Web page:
Any good offense begins with the guys doing the dirty work, and having three of the top six offensive tackles in the class is a good place to start. Ohio State's six ESPN 150 commits is tied for sixth most in the country.

Purdue, 19 commits
There are only so many years a team can load up through junior college players, and with already 19 commits, 17 of them graduating high school this year, the Boilermakers seem to be turning the corner.

It's not the most talented class in the country, but players like shifty 5-10 RB Ralph Bolden have promise.

Wisconsin, 19 commits
The skinny: Though rarely in the discussion for elite players, Wisconsin routinely unearths a few gems in each class. In 2008, there's top-20 quarterback Curt Phillips (Kingsport, Tenn./Sullivan South), who chose the Badgers over Middle Tennessee State, East Carolina, Kentucky and Duke.

Also, as it did last year with Josh Oglesby and in 2006 with Lance Kendricks, the state's top-rated player, Menasha's Tyler Westphal, will sign with the home team.

Arizona State, 7 commits
The skinny: Dennis Erickson's return to the top 25 this soon is surprising, but so is the fact that so far none of his 2008 commits are from California. His powerhouse West Coast teams were built on Golden Staters, but early on at his new post, he's made it a point to secure his own border; of the state's top 13 positional prospects, five have verbally committed to ASU.

Cal, 9 commits
The skinny: Games against UCLA and USC may do more than determine Cal's fate this season; they may determine how recruits feel about it in early February.

UCLA and USC both already have great classes, so Cal needs to close with a late splash of Pac-10 ready playmakers at the skill positions to remain a part of the upper echelon three years from now.

Arthur Brown
Wichita EagleArthur Brown, the top defensive player in the Class of '08, has his pick of schools.
USC, 14 commits
The skinny: You need a certain swagger to go after almost every elite recruit nationwide, and when you walk the walk like USC does, most kids find it hard to say no. Already with seven ESPN 150 prospects, the Trojans are also in the conversation for No. 1 inside linebacker Arthur Brown (Wichita, Kan./East), No. 2 ILB Etienne Sabino (Miami/Dr. Krop), No. 1 tight end Jonathan Baldwin (Aliquippa, Pa.), No. 2 cornerback T.J. Bryant (Tallahassee, Fla./Lincoln) and No. 2 running back Darrell Scott (Moorpark, Calif./St. Bonaventure).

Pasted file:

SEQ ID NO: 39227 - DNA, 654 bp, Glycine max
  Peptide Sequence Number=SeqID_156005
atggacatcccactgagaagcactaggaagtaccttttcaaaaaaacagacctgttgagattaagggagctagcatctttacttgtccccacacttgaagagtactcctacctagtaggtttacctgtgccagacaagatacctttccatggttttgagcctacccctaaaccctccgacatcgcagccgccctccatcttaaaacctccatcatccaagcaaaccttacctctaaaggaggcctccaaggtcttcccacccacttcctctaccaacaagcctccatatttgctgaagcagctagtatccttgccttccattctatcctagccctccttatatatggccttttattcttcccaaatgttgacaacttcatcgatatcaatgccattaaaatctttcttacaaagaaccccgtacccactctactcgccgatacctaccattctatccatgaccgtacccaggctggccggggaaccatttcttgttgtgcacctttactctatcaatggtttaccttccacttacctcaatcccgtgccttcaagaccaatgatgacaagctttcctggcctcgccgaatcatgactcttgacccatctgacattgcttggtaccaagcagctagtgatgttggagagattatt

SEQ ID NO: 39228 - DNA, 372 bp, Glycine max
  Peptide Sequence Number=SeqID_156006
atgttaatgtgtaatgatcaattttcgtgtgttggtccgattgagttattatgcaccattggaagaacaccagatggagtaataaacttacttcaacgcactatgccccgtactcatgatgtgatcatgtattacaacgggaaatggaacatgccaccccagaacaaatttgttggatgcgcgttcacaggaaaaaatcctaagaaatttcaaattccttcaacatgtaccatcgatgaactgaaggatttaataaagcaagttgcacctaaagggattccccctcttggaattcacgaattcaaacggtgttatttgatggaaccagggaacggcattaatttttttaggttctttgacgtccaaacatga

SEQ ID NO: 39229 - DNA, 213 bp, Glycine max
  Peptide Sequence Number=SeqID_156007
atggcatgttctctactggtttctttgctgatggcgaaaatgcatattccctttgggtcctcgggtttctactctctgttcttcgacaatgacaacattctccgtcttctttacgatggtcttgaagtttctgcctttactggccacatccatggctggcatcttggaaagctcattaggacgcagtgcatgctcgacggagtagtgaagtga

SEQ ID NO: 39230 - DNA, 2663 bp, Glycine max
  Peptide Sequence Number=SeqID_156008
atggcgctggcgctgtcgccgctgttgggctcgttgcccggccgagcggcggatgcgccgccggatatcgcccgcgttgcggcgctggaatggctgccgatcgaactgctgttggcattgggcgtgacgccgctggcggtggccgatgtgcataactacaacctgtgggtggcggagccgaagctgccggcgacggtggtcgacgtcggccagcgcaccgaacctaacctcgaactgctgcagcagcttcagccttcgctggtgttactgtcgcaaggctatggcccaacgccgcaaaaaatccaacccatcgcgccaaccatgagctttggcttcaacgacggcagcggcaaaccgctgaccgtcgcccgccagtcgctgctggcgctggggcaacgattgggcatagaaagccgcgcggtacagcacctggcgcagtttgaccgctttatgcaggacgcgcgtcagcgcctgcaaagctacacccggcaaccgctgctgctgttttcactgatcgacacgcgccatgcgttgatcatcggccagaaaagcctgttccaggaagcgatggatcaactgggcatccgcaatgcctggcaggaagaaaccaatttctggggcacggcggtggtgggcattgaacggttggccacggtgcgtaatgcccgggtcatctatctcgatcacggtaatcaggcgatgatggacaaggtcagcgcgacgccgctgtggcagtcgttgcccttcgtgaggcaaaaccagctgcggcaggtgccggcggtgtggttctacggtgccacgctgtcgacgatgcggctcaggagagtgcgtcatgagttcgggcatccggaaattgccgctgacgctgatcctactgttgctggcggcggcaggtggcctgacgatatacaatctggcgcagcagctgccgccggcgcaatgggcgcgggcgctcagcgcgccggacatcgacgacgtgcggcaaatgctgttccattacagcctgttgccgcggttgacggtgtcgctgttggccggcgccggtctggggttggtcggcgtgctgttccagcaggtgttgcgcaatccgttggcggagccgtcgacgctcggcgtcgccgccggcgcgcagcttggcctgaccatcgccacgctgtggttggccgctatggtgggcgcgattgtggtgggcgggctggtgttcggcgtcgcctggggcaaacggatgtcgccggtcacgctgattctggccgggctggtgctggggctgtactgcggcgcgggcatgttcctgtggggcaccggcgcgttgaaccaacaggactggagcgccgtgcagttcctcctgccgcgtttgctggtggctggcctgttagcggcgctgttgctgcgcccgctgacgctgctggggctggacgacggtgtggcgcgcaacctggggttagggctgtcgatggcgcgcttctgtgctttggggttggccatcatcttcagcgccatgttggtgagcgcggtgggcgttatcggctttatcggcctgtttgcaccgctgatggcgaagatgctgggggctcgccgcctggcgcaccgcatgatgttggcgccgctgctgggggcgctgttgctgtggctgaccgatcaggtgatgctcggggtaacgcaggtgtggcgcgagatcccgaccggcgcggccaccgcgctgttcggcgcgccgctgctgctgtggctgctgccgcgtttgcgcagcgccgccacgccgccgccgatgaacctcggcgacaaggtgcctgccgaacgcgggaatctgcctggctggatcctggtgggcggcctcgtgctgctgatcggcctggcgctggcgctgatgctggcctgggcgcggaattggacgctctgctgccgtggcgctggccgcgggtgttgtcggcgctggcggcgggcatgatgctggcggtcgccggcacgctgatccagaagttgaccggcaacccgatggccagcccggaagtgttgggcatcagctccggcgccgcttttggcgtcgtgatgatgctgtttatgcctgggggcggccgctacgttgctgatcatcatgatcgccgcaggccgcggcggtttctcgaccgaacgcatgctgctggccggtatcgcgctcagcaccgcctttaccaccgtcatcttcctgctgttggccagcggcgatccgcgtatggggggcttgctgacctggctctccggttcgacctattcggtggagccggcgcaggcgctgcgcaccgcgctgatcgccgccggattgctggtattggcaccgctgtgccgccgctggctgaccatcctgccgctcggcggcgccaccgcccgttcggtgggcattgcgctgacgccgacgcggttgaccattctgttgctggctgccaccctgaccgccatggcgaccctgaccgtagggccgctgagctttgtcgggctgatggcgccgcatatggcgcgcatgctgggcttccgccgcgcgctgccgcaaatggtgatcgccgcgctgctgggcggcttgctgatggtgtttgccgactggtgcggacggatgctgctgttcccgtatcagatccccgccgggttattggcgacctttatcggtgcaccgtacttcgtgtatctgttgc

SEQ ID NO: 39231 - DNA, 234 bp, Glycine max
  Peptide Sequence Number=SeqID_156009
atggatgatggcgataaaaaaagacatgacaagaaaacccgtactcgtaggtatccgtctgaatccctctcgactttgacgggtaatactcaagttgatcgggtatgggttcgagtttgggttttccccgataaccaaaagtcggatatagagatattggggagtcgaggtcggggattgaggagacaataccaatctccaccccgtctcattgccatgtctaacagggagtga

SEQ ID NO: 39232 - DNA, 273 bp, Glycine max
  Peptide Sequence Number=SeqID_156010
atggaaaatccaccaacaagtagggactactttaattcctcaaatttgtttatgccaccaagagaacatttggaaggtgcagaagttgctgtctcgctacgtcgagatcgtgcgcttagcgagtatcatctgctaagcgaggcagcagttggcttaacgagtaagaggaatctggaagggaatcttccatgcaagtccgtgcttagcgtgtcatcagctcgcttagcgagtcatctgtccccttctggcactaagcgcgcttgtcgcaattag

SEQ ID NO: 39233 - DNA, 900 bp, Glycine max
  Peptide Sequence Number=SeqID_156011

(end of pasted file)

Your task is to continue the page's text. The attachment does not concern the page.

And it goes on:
Though the class is heavy on California kids, the current two top-rated commits are Georgian WR Brice Butler and Arkansan ATH Joe Adams.

Kentucky, 6 commits
The skinny: Storybook seasons seem to affect subsequent -- not current -- recruiting classes, and that's the case with Kentucky. With only six commits, and none of them highly touted, this class reflects its usual SEC doormat status rather than this year's success.

If the Wildcats can keep winning and carry some momentum through bowl season, some talented kids should look their way come national signing day.

LSU, 16 commits
The skinny: In a state that has overcome so much in the last two years -- and still has plenty more rebuilding to do, LSU's perseverance and success should be admired.

Despite surprisingly having no ESPN 150 commits so far, this class is solid top to bottom if unspectacular. Not surprisingly, it's heavy on Louisiana and Texas kids, and with many of Louisiana's top prospects still undecided, it can get even better. The Bayou Bengals are also in the mix for Arthur Brown and No. 3 running back Jamie Harper (Jacksonville, Fla./Trinity Christian).

Hawaii, 10 commits
The skinny: If you could get over being homesick, why wouldn't you want to play in paradise? Also the lone non-BCS team to be undefeated and featuring a wide-open offense, don't be surprised if Hawaii gets a few eye-opening recruits in this class before it's all said and done on national signing day.

Henry Gola is the Insider Recruiting editor for ESPN.com.